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Alarm over declining water level in rivers as forest shrinks

By Fred Kibor | Published Sat, April 14th 2018 at 00:00, Updated April 13th 2018 at 18:03 GMT +3
A section of the Kaptagat forest in Elgeiyo Marakwet County that has been destroyed by illegal loggers. Many rivers emanating from the forest have dried up.

North Rift has more than 291,000 hectares of gazzeted forests and serves as a major water source for Western, Nyanza and Turkana.

But the forest cover has drastically been depleted following years of wanton destruction.

Those who had the privilege of overflying the forests have seen scattered patches of trees with a huge chunk left bare due to illegal human activities, a stark reality corroborated by satellite images.

The forest cover is insufficient to sustain rising water needs in the region and requires massive rehabilitation.

The illegal human activities in the forest have undermined conservation efforts and are now discouraging tourists, athletes and other visitors who flock the region to enjoy the environment.

Embobut forest in Elgeyo Marakwet for instance, which is part of Cherangany water tower with a total cover of 21,000 hectares, has been reduced to a mere 5,000 hectares after illegal squatters turned it into farmlands and settlement.

The Kenya Forest Service (KFS) admits that they are grappling with illegal logging, charcoal burning, encroachment and overgrazing which have depleted the forest cover.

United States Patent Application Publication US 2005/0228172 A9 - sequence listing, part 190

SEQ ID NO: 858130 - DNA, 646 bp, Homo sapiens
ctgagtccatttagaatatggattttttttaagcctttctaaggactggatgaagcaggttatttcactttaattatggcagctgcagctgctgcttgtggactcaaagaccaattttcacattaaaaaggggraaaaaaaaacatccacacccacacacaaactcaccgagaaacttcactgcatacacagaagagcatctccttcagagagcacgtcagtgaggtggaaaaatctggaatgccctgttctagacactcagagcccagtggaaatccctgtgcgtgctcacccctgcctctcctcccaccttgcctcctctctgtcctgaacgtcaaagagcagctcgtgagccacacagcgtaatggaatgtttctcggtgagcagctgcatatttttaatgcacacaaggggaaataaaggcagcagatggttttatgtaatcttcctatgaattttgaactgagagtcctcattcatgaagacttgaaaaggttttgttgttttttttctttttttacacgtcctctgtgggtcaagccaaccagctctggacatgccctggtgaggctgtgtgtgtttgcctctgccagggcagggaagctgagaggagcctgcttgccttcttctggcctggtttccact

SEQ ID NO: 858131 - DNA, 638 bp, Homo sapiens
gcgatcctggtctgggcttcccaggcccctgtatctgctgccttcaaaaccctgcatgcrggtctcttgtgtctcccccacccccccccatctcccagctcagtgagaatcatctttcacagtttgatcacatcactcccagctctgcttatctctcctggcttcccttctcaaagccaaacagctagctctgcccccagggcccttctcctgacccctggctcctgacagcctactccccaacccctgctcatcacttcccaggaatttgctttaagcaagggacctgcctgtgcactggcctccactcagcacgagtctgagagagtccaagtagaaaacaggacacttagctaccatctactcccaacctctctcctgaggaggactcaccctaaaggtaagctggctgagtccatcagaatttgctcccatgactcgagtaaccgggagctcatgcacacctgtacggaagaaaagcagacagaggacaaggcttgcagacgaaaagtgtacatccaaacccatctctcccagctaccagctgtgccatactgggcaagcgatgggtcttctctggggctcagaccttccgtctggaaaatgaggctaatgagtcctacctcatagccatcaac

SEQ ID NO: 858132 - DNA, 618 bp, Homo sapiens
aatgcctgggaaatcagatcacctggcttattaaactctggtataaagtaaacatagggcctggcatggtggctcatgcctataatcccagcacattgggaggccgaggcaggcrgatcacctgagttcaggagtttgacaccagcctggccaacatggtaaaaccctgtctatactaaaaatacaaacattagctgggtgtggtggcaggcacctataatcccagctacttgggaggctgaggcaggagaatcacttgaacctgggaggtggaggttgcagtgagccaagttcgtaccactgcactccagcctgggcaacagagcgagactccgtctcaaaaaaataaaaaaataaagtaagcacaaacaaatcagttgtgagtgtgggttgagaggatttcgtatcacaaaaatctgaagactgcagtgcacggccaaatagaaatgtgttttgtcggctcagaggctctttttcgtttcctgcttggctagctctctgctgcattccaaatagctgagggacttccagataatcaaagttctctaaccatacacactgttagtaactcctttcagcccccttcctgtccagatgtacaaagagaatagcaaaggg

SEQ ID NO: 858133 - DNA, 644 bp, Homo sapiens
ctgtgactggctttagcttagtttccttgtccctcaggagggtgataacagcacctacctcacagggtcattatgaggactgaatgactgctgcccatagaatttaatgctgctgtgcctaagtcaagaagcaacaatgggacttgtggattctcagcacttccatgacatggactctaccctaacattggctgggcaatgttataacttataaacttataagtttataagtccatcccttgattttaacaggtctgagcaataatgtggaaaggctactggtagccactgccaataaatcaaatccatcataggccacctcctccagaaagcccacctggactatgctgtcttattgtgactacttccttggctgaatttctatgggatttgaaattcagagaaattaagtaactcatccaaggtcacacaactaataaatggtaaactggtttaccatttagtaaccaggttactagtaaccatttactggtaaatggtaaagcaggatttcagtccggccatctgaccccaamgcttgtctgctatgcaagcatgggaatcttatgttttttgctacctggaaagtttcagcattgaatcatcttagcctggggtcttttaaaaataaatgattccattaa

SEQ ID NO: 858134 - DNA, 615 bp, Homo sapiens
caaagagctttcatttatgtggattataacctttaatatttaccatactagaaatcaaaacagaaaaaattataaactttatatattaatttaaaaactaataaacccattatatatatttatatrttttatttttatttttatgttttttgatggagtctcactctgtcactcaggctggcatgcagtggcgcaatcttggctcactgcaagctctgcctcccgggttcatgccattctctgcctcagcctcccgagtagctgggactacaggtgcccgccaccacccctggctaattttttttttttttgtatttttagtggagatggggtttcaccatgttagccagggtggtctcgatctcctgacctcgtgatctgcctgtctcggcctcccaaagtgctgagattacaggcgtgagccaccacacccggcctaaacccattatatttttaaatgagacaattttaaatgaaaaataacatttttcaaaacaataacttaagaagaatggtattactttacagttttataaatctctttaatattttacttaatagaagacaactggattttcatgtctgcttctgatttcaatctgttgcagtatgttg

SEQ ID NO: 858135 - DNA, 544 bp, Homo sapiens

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Elgeyo Marakwet Governor Alex Tolgos has in the past accused KFS and saw millers of harvesting trees right into water catchment areas thus interfering with the riparian areas and jeopardising the existence of rivers.

“Rivers that originate from these forests are on the verge of drying up due to massive logging, which has destroyed the riparian areas,” said Mr Tolgos who has led protests to flush out saw millers in the forests. The governor petitioned President Uhuru Kenyatta to declare Kaptagat forest a water tower warning that the region would be water deficit if the wanton destruction is not stopped.

An environmentalist Cornelius Chepsoi said the deforestation not only affects the indigenous trees but also interferes with the rain patterns.

“The water levels are currently dropping rapidly, surprisingly Eldoret is experiencing water shortfall of 60,000 cubic metres each day and the deficit is rising due to population pressure and industrial revolution in the region,” warned Mr Chepsoi.

He said despite plans to construct of dams to supplement the water sources, continued logging is still a threat to the environment. Kaptagat Forest Users Conservation Group, an environmental lobby, has drafted a raft of recommendations to check the deforestation and called for an indefinate logging ban.

The group said declaring the forest a watershed zone and gazetting it will save it.  


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